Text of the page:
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Opening a new country takes a special type of person - somebody who can make the most of what they have to build a civilisation.
Candlewicking is born of these people.
When America was being opened up to new settlers, whole families packed up their lives and went west. The problem was that they could take with them only what would fit in a covered wagon. This meant necessities only.
And then when they got there, there were only necessities for them - luxuries like fine embroidery fabric, and beautiful silks came rarely and embroiderers had to make do with what they had.
In many cases, this was calico or canvas and candlewick. And thus - the fine embroidery style of Candlewicking was born.
The designs were drawn directly onto the fabric - often using charcoal or a pencil - and then the embroiderer used the candlewick to embroider them. This gave Candlewicking its distinctive "white on white" look - which is still the preferred colour scheme today.
The Gold Rushes in Australia brought American men and women to our shores, and these ladies brought their technique with them - and showed the Australian ladies this form of embroidery. They took it up with great enthusiasm.
There are 2 basic stitches used in Candlewicking - a knotted stitch called a Colonial knot, and backstitch.
A Colonial Knot is also called a "figure of 8 knot" due to the method of making the knot.
Unlike the French Knot which is wrapped around the needle and then drawn back through the fabric, a Colonial knot wraps around the needle in a figure of 8 pattern (hence the other name). Make sure that when you have finished wrapping the thread around the needle you put the needle back into the fabric as close as possible to where it came out (but not back in the same hole)- exactly as you would a French Knot.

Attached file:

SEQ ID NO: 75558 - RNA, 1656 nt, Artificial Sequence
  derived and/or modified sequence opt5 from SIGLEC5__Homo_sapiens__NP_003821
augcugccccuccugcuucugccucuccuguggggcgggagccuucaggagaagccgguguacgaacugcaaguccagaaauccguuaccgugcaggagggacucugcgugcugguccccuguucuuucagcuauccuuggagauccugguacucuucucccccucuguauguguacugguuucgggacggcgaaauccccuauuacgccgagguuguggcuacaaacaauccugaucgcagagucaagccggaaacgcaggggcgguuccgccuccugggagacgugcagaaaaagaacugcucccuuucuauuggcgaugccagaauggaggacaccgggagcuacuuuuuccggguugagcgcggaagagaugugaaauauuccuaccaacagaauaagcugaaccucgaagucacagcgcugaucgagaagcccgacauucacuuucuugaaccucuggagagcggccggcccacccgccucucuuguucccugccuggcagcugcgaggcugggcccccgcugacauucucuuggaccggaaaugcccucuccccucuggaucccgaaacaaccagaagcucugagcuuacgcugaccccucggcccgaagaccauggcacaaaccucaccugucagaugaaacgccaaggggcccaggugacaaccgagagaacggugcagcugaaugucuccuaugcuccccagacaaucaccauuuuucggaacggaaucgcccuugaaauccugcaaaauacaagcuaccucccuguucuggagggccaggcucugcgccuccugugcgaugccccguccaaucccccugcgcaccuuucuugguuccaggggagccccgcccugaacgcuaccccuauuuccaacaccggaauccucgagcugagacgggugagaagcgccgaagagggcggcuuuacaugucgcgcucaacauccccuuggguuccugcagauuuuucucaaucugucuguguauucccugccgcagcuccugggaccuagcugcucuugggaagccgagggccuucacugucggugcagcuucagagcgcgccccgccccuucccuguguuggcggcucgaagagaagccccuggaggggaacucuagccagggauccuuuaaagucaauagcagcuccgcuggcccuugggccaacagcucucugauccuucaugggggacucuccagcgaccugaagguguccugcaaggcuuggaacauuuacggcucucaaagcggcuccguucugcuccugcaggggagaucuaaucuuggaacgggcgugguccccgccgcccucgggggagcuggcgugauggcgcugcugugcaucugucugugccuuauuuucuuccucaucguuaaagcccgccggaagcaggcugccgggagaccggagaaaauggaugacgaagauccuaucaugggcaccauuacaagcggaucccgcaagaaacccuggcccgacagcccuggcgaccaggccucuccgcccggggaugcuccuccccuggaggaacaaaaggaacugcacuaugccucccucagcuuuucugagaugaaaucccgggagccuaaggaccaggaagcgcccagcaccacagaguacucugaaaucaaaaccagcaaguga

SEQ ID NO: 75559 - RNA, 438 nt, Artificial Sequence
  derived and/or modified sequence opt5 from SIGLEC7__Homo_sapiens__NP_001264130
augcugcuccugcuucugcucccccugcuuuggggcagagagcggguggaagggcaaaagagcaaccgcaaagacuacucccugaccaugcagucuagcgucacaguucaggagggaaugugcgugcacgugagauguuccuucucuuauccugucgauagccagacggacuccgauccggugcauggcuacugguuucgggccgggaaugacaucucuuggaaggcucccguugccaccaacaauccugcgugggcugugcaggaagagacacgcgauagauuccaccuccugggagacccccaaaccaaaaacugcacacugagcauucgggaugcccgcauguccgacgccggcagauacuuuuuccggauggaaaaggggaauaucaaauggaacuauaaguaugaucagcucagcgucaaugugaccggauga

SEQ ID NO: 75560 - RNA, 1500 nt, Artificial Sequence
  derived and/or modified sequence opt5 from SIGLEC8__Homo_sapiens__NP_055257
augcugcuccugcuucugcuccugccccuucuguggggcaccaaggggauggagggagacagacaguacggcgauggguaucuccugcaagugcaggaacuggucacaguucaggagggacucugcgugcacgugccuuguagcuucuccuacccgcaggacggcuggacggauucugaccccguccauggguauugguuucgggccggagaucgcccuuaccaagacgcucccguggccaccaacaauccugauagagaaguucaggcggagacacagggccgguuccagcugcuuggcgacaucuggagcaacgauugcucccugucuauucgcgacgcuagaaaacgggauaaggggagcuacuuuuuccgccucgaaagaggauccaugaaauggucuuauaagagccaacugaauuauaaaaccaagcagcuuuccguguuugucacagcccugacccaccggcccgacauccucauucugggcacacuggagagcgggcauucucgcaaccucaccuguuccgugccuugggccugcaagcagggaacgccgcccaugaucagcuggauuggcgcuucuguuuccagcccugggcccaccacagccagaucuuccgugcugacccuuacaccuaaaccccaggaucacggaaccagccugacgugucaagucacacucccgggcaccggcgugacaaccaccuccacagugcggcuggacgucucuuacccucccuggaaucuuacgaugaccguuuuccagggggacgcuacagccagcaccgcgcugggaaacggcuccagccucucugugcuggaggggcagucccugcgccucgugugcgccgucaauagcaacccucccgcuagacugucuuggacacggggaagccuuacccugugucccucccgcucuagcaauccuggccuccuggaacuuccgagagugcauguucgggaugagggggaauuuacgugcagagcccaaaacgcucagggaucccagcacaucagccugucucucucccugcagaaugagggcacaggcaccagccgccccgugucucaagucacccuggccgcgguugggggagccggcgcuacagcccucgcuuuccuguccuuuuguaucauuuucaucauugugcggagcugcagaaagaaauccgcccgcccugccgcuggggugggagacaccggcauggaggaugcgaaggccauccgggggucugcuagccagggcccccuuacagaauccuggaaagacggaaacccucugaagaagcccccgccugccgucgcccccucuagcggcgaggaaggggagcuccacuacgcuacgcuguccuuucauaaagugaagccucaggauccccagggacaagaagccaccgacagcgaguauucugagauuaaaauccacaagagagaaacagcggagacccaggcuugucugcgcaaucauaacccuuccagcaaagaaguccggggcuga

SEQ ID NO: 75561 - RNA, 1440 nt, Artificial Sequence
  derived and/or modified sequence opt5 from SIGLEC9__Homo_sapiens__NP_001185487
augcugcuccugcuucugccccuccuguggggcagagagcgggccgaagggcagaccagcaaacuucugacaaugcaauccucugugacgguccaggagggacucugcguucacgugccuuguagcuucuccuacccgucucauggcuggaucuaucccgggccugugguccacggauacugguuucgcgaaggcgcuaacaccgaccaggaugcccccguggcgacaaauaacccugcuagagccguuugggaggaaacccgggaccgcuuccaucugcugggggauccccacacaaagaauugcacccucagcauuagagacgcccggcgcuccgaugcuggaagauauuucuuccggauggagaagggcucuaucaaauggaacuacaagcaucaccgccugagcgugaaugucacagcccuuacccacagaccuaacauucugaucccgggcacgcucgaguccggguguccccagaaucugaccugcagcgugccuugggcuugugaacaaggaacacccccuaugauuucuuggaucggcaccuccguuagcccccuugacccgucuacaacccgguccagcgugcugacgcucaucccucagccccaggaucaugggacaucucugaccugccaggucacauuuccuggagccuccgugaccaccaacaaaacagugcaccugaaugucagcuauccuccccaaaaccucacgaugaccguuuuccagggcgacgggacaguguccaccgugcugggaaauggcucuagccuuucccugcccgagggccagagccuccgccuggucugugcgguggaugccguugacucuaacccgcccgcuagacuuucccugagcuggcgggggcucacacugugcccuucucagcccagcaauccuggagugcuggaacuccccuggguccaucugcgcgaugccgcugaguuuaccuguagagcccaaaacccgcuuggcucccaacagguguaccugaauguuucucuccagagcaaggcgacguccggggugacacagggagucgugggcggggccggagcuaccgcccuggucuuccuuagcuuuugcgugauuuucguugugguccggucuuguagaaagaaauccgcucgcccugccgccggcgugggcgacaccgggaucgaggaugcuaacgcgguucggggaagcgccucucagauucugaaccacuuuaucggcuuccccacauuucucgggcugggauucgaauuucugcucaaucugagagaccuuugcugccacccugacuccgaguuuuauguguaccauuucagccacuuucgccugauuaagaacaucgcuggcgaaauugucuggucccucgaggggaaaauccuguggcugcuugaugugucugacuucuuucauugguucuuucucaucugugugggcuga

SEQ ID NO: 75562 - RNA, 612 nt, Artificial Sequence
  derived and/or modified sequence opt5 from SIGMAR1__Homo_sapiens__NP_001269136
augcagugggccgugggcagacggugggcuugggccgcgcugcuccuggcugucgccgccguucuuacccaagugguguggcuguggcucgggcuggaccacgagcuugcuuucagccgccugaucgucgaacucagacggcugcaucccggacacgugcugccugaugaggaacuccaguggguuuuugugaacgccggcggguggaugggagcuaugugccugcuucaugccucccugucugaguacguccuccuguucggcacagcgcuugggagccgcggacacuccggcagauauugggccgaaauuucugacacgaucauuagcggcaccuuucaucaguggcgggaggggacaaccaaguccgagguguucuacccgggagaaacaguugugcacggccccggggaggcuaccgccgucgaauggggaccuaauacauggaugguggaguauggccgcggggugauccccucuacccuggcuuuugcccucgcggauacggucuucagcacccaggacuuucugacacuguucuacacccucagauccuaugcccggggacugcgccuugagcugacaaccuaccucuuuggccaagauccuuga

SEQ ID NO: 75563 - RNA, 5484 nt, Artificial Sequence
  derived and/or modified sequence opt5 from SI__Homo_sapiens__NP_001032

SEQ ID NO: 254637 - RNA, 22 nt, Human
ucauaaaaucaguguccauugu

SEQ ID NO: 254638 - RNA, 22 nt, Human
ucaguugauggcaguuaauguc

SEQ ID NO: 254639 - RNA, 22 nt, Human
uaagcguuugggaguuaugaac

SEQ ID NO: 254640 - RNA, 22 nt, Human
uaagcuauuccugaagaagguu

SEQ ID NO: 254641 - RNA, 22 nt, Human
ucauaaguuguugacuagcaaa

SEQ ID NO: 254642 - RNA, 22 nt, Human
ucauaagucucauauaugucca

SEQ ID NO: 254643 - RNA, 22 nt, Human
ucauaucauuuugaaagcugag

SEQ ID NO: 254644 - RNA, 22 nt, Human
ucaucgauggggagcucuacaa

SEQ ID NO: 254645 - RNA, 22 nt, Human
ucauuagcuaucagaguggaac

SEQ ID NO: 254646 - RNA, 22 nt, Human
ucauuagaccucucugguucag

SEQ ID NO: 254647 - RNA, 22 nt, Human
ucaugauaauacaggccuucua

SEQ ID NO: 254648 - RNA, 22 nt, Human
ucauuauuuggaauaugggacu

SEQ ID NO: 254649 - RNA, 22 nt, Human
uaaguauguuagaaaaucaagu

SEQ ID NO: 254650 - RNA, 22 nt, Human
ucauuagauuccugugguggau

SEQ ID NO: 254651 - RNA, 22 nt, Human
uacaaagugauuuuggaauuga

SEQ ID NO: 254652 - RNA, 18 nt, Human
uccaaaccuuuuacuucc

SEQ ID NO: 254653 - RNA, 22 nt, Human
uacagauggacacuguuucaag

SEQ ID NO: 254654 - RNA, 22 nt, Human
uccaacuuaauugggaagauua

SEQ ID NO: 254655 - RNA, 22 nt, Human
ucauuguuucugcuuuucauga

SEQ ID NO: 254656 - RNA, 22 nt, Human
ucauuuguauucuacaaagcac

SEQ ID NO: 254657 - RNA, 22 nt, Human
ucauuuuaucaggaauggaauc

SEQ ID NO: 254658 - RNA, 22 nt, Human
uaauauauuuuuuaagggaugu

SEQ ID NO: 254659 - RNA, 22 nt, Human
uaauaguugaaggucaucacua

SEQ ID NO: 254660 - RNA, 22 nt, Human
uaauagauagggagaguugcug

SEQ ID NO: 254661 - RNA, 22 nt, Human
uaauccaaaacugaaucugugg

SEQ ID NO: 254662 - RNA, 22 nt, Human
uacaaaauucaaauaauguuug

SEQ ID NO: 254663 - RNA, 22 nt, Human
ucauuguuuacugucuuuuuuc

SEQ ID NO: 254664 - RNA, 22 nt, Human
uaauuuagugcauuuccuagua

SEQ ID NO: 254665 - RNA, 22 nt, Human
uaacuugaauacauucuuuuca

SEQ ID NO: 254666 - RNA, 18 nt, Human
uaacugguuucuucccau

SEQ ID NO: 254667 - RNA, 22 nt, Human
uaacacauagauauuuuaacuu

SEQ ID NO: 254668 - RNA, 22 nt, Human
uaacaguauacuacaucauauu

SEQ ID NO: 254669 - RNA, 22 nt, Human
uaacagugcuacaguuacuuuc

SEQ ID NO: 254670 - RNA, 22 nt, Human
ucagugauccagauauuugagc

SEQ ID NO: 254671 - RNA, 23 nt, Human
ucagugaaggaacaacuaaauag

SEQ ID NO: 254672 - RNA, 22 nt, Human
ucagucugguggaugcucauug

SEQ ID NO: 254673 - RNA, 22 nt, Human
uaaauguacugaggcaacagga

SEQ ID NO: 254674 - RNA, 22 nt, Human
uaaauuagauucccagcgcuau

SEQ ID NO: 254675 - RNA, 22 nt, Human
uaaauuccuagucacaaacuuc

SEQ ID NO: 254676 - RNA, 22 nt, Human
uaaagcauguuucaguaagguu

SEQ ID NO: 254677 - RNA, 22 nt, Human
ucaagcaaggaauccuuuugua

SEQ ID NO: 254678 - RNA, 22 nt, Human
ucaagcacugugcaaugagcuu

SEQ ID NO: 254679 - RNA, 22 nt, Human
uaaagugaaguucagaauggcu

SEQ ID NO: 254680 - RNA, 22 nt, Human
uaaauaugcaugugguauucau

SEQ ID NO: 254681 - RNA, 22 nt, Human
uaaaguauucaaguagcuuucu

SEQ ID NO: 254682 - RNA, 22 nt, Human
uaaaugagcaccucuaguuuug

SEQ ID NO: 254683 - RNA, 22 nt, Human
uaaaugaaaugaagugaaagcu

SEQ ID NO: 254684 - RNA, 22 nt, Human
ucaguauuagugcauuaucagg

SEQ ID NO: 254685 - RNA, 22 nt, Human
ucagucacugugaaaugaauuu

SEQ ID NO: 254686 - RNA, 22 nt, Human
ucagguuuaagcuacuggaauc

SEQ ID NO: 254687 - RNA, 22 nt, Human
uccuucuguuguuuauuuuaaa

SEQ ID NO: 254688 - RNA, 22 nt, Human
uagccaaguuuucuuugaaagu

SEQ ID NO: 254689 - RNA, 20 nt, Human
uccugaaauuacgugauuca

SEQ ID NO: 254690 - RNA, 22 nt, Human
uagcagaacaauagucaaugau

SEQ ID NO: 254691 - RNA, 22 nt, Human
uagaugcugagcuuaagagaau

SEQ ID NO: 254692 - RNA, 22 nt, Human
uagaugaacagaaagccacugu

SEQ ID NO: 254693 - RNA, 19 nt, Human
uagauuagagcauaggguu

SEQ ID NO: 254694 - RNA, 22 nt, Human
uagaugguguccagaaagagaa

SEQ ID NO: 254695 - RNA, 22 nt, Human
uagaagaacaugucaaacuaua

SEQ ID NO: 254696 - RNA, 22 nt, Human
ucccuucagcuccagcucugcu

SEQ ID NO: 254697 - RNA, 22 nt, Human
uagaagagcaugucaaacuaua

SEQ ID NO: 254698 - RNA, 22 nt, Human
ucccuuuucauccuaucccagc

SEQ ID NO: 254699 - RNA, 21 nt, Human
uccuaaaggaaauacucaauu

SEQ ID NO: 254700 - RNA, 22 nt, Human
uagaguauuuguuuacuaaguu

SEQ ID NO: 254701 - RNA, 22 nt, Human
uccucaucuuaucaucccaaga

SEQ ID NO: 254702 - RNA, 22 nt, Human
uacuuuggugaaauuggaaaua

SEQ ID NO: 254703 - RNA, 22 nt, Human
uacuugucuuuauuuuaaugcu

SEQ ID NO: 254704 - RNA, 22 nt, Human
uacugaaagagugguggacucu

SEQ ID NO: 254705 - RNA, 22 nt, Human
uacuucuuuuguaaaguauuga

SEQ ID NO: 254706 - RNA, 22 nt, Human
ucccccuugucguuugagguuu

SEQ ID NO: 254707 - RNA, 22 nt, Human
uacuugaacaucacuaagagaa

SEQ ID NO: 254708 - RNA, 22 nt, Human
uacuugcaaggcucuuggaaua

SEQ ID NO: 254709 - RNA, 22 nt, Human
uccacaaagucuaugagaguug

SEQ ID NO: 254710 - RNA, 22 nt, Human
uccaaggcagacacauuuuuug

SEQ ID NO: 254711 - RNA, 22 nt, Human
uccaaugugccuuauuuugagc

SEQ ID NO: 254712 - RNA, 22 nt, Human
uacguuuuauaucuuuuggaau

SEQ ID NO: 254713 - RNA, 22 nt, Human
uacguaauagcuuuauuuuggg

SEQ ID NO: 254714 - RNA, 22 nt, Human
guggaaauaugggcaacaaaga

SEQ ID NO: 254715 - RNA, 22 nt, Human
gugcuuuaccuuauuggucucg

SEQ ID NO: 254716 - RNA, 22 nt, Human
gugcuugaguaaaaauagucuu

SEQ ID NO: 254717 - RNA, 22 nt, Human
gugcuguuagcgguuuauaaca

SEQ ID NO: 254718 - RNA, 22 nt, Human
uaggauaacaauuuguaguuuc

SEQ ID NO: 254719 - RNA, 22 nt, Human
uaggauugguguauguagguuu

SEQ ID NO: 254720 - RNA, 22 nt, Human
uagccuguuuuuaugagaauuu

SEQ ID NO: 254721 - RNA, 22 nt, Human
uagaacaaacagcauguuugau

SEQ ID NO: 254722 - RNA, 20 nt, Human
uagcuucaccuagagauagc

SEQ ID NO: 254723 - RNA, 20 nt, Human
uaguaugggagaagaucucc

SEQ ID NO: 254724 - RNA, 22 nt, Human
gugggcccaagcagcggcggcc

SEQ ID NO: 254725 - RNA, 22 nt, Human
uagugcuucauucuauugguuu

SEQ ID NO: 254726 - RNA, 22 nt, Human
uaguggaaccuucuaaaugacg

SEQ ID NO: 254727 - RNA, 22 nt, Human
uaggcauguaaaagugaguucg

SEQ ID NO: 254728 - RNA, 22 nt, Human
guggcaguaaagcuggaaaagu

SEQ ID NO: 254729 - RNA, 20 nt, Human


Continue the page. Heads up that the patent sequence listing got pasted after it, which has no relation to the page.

The other stitch is the simple backstitch - however you can also use stem, split, or any of the large number of line based stitches as well.
Modern embroiderers still use much of the same materials to do their Candlewicking on.
Candlewick is readily available from craft stores, however a lot of embroiderers prefer to use soft Cotton-a-broider, or the finer ply´s of knitting/crochet cottons. Perle thread can also look very good.
Please: do not use stranded thread for Candlewicking. It does not sit the same - and the strands tend to catch and your knots do not have a smooth look to them.
Although traditionally, Candlewicking was done white on white, today´s embroiderers use many different colours of thread to give their work a distinctive look - however you do find that the main colours are still white on white, with other colours only used as accent colours, or as painted designs that are not stitched.
Another modern trend I have seen is the combining of Candlewicking with Crewel embroidery - however I have a suspicion that this is not a "modern" look - and that it was probably done in past times as well if the embroiderer had the materials, and particularly liked the look of Candlewicking.
Like Blackwork, Candlewicking is another technique of embroidery where the blank space on your stitching is as important as the actual design.
A characteristic of Candlewicked designs is their clean lines and large amounts of blank space. To my mind, it gives them a very clean and fresh look - and probably made them much easier to launder and Iron.
Candlewicking is best worked in a hoop or frame, which helps you to keep the embroidery taught. You should work the knots and then carry the thread to the next knot - provided (of course) that it does not travel too far. Remember: these were thrifty ladies, and starting and finishing thread takes more thread than carrying a short distance.
If you look at old examples of Candlewicking, you will notice that the designs have the knots carrying on naturally in a line or circle - so that there is not a lot of travelling of thread necessary.
So why not give this form of Embroidery a try - it is fun and rewarding and gives one an appreciation of those special ladies without whom America and Australia would not have been settled.
"Traditional Candlewicking" by Sandie Meldrum
"White Work: Techniques & 188 Designs" by Carter Houck
"Candlewicking: 24 Iron On Transfer Patterns & Complete Instructions" by Claire Bryant
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© 2007 Megan McConnell
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